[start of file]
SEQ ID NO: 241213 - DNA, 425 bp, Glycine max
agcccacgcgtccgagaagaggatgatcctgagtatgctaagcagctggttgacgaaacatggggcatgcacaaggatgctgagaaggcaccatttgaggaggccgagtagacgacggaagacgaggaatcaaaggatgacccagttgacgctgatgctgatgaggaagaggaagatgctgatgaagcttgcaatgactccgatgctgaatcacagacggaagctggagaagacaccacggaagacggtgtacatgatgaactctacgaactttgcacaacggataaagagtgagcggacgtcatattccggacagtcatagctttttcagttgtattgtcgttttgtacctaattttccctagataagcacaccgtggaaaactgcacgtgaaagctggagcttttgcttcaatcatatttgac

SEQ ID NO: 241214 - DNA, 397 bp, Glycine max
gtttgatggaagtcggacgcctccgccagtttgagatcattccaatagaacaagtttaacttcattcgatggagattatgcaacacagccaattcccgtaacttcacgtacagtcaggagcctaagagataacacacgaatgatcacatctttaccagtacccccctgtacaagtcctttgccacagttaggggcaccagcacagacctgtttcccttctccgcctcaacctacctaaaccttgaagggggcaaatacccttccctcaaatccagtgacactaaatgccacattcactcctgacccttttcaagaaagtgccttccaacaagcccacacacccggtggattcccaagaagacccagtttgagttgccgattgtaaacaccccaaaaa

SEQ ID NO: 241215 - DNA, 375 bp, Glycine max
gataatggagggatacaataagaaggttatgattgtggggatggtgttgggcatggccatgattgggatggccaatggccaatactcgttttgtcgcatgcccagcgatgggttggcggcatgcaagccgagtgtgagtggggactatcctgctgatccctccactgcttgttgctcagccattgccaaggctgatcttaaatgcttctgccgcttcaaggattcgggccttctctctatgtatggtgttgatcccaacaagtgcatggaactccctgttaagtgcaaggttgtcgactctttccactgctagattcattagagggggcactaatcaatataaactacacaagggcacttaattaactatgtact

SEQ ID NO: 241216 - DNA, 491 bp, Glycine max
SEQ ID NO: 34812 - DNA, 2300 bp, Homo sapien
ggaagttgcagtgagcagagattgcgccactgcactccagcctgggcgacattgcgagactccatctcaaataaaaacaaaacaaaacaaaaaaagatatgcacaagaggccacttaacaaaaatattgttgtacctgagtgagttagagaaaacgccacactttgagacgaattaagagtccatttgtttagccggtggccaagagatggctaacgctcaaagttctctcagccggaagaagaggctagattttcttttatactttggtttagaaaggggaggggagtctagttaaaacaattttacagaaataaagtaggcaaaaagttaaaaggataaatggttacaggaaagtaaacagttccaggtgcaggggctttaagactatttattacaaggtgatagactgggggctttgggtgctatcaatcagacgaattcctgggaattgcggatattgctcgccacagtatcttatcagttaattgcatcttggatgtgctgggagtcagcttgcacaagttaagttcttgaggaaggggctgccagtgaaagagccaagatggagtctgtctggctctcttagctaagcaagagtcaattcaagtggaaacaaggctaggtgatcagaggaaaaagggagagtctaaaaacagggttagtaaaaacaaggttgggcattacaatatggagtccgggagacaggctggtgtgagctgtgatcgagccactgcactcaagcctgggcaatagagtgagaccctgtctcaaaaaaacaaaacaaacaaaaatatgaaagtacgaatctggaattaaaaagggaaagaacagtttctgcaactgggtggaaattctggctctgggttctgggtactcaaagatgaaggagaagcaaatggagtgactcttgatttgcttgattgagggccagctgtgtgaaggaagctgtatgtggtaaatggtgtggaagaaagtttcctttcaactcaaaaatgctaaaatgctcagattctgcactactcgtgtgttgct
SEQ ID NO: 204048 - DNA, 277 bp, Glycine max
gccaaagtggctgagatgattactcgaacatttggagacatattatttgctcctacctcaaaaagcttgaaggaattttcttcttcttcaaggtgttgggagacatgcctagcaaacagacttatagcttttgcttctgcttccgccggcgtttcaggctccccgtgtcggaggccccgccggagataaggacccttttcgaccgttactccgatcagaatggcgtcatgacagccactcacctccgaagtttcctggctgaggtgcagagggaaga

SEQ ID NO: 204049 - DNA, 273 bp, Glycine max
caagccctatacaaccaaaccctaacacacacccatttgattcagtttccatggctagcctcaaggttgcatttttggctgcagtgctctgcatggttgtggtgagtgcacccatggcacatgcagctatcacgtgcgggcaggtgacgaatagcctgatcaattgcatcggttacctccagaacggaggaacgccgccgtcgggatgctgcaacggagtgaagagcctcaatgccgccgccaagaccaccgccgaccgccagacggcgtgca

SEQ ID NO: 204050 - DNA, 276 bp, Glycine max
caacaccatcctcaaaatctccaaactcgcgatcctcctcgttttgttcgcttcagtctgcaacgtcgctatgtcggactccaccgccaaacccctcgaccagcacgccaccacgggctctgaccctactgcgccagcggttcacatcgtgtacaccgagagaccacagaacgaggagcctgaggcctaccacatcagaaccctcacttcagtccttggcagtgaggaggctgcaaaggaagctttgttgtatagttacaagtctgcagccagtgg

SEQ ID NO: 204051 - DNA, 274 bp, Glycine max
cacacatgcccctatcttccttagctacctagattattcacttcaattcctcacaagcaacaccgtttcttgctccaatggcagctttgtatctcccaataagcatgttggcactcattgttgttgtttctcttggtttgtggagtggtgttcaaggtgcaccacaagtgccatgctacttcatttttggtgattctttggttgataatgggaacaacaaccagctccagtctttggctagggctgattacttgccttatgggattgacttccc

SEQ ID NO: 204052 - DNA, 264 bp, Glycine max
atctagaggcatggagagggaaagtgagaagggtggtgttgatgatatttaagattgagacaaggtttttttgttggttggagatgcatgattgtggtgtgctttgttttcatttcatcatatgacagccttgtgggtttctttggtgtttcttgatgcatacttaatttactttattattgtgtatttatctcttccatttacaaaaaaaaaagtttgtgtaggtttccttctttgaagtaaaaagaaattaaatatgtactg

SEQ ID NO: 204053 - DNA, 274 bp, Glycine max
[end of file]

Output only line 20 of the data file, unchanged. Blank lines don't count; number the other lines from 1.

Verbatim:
SEQ ID NO: 204053 - DNA, 274 bp, Glycine max